(Bloomberg) — General Motors Chief Executive Officer "Fritz" Henderson is stepping down after eight months on the job, and Chairman Ed Whitacre is taking over on an interim basis.
A search for a permanent successor to Henderson "begins immediately," Whitacre said Tuesday in a statement released by GM. Directors accepted Henderson's resignation today at a meeting in Detroit, Whitacre said.
Henderson's tenure at the helm of the biggest U.S. automaker spanned GM's slide into bankruptcy on June 1 and its exit on July 10, backed by $50 billion in federal assistance. Henderson, 51, became CEO in March when President Barack Obama's auto task force asked Rick Wagoner to step aside.
"They're looking to rebuild the company in a completely different form," Maryann Keller, president of consultant Maryann Keller & Associates, told Bloomberg Television. "They're looking to bring in someone who has a completely different perspective."
Whitacre will serve daily, in Detroit
Whitacre, 68, the former chairman and CEO of AT&T Inc. (T), was selected by the auto task force to run a revamped board when Detroit-based GM left Chapter 11 with the government as the majority owner. Tuesday's personnel decisions were made by the board, not the Obama Administration, a U.S. official said.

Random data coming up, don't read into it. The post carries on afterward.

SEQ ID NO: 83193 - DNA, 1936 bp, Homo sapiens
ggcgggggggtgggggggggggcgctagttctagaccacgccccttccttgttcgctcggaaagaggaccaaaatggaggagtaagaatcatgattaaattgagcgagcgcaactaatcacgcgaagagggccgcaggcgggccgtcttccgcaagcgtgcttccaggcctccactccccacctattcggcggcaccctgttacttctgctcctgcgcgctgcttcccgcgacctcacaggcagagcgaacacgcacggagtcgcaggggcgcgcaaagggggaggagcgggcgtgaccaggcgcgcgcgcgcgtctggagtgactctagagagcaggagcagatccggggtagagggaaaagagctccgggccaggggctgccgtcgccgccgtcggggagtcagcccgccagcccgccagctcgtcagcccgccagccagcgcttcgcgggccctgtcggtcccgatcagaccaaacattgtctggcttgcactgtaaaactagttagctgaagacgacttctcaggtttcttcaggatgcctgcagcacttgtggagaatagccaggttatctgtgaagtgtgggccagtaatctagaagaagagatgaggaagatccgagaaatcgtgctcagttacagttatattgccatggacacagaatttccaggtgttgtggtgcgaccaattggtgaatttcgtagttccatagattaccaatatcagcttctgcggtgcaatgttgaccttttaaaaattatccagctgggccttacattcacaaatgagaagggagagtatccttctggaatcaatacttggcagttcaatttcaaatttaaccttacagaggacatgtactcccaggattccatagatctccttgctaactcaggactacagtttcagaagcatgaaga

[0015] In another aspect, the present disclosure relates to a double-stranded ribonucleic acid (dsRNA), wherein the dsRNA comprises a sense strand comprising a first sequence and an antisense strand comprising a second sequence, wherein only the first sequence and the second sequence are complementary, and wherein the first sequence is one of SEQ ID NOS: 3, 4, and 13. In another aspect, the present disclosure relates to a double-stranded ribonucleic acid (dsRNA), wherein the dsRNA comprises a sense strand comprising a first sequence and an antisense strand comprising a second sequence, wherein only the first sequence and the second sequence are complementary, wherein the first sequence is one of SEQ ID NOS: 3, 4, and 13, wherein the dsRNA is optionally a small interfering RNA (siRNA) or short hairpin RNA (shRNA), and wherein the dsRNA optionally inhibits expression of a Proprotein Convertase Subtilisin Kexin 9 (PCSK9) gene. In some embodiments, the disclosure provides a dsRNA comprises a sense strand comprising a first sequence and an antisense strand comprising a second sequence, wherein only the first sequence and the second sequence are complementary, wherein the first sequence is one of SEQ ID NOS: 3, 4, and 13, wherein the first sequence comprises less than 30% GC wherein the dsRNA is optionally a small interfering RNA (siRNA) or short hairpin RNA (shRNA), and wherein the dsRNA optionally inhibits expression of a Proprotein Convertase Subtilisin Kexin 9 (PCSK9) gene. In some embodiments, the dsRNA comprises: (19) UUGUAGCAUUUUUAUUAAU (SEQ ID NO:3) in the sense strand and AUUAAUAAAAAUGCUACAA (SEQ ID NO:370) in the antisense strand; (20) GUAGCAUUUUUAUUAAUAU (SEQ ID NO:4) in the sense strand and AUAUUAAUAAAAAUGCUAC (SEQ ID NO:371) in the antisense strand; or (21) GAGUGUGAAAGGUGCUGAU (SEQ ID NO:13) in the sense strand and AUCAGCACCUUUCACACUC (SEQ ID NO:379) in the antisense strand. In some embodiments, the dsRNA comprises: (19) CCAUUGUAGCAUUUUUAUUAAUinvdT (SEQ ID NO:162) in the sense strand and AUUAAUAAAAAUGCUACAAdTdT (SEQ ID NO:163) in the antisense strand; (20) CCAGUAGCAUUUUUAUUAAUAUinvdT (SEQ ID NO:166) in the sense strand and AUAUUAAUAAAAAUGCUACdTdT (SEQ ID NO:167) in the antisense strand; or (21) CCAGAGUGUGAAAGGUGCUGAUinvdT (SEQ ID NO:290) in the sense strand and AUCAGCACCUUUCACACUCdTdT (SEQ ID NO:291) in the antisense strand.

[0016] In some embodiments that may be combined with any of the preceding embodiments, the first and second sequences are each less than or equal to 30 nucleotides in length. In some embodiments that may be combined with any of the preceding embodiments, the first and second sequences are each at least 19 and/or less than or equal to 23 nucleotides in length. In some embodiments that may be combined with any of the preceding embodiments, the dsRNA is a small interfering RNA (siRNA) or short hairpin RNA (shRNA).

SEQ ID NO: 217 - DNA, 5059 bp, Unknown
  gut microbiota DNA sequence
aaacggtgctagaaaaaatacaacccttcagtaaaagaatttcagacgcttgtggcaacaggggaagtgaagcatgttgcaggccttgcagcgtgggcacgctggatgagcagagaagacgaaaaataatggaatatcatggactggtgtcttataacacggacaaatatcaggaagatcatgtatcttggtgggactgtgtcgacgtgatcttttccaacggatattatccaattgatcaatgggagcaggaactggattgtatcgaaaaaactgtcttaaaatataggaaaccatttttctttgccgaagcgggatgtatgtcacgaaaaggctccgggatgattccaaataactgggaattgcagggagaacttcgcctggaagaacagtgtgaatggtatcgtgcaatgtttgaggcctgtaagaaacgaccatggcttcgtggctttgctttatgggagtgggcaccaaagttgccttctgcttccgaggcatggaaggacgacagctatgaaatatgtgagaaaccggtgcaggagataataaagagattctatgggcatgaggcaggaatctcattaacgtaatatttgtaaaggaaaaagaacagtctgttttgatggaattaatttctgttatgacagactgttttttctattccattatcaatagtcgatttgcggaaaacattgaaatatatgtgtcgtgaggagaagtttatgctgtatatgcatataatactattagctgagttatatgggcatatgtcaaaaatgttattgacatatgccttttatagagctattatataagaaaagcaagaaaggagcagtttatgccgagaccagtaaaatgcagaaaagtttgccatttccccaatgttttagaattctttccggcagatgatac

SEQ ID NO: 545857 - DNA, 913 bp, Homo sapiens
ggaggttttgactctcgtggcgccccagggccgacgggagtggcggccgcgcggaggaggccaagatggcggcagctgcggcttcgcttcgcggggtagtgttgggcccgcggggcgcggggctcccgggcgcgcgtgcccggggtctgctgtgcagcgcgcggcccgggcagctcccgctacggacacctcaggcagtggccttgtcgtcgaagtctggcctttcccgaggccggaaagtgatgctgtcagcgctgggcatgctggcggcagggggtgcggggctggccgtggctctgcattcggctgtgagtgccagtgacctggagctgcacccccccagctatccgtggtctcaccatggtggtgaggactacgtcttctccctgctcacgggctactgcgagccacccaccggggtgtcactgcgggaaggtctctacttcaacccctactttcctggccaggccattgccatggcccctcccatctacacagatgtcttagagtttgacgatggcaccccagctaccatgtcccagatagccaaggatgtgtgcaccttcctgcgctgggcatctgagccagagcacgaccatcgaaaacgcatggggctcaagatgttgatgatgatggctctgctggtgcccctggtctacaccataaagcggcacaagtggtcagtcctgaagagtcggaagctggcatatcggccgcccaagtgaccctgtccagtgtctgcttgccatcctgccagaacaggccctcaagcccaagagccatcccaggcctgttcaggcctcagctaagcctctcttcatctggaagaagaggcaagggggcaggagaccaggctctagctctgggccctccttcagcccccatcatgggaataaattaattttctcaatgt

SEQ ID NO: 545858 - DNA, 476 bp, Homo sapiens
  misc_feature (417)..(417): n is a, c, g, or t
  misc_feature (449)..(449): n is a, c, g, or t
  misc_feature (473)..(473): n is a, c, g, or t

With his new duties, Whitacre said he will be working at GM's Renaissance Center headquarters in Detroit on a "daily basis."
GM has formed a search committee to recruit a new CEO, said Chris Preuss, a company spokesman. The automaker notified U.S. officials about Whitacre's ascent and Henderson's departure, Preuss said.
Henderson "has done a remarkable job leading the company through a time of challenge, and momentum has been building over the past several months, but we all agreed changes needed to be made," Whitacre told reporters. He didn't take questions or elaborate on the executive shake-up.
Vice-Chairman Robert Lutz will speak at the Los Angeles Auto Show Wednesday in place of Henderson, Preuss told reporters in Detroit.